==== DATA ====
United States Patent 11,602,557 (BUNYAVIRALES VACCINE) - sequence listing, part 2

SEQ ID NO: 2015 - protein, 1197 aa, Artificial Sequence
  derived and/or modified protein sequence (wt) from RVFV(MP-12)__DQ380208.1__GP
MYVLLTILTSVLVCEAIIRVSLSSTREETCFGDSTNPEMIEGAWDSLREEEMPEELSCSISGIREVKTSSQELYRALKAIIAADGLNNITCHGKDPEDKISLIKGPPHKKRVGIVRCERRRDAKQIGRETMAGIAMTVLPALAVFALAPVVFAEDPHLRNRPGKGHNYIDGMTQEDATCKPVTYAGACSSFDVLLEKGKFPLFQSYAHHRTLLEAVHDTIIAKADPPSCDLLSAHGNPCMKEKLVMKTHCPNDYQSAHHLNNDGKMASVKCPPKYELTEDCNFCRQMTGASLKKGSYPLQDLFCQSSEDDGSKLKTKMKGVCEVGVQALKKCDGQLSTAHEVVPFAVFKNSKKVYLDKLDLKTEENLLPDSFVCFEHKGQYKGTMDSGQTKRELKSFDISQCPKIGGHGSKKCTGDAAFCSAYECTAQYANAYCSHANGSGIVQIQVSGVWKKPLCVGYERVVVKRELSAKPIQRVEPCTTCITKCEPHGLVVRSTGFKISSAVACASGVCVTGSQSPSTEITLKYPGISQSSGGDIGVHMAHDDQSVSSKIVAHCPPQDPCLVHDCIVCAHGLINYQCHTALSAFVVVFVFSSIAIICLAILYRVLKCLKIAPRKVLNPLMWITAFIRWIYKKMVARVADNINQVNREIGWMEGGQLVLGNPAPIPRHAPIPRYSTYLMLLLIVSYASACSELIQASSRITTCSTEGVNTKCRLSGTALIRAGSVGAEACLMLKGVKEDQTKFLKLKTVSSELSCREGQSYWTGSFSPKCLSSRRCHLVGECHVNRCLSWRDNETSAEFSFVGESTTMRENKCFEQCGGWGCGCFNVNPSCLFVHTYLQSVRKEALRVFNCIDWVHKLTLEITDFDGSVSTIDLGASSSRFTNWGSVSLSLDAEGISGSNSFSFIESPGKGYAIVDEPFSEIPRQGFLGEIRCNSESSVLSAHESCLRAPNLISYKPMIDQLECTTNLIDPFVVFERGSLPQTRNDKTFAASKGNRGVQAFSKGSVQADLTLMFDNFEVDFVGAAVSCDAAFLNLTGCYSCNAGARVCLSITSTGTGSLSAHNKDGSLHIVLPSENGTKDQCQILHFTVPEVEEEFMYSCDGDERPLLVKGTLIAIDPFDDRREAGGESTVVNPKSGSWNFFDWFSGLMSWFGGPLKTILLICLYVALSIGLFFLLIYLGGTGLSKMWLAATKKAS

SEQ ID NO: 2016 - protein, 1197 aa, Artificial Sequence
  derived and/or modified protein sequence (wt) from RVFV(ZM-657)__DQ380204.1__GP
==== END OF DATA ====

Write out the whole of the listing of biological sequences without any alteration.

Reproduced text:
United States Patent 11,602,557 (BUNYAVIRALES VACCINE) - sequence listing, part 2

SEQ ID NO: 2015 - protein, 1197 aa, Artificial Sequence
  derived and/or modified protein sequence (wt) from RVFV(MP-12)__DQ380208.1__GP
MYVLLTILTSVLVCEAIIRVSLSSTREETCFGDSTNPEMIEGAWDSLREEEMPEELSCSISGIREVKTSSQELYRALKAIIAADGLNNITCHGKDPEDKISLIKGPPHKKRVGIVRCERRRDAKQIGRETMAGIAMTVLPALAVFALAPVVFAEDPHLRNRPGKGHNYIDGMTQEDATCKPVTYAGACSSFDVLLEKGKFPLFQSYAHHRTLLEAVHDTIIAKADPPSCDLLSAHGNPCMKEKLVMKTHCPNDYQSAHHLNNDGKMASVKCPPKYELTEDCNFCRQMTGASLKKGSYPLQDLFCQSSEDDGSKLKTKMKGVCEVGVQALKKCDGQLSTAHEVVPFAVFKNSKKVYLDKLDLKTEENLLPDSFVCFEHKGQYKGTMDSGQTKRELKSFDISQCPKIGGHGSKKCTGDAAFCSAYECTAQYANAYCSHANGSGIVQIQVSGVWKKPLCVGYERVVVKRELSAKPIQRVEPCTTCITKCEPHGLVVRSTGFKISSAVACASGVCVTGSQSPSTEITLKYPGISQSSGGDIGVHMAHDDQSVSSKIVAHCPPQDPCLVHDCIVCAHGLINYQCHTALSAFVVVFVFSSIAIICLAILYRVLKCLKIAPRKVLNPLMWITAFIRWIYKKMVARVADNINQVNREIGWMEGGQLVLGNPAPIPRHAPIPRYSTYLMLLLIVSYASACSELIQASSRITTCSTEGVNTKCRLSGTALIRAGSVGAEACLMLKGVKEDQTKFLKLKTVSSELSCREGQSYWTGSFSPKCLSSRRCHLVGECHVNRCLSWRDNETSAEFSFVGESTTMRENKCFEQCGGWGCGCFNVNPSCLFVHTYLQSVRKEALRVFNCIDWVHKLTLEITDFDGSVSTIDLGASSSRFTNWGSVSLSLDAEGISGSNSFSFIESPGKGYAIVDEPFSEIPRQGFLGEIRCNSESSVLSAHESCLRAPNLISYKPMIDQLECTTNLIDPFVVFERGSLPQTRNDKTFAASKGNRGVQAFSKGSVQADLTLMFDNFEVDFVGAAVSCDAAFLNLTGCYSCNAGARVCLSITSTGTGSLSAHNKDGSLHIVLPSENGTKDQCQILHFTVPEVEEEFMYSCDGDERPLLVKGTLIAIDPFDDRREAGGESTVVNPKSGSWNFFDWFSGLMSWFGGPLKTILLICLYVALSIGLFFLLIYLGGTGLSKMWLAATKKAS

SEQ ID NO: 2016 - protein, 1197 aa, Artificial Sequence
  derived and/or modified protein sequence (wt) from RVFV(ZM-657)__DQ380204.1__GP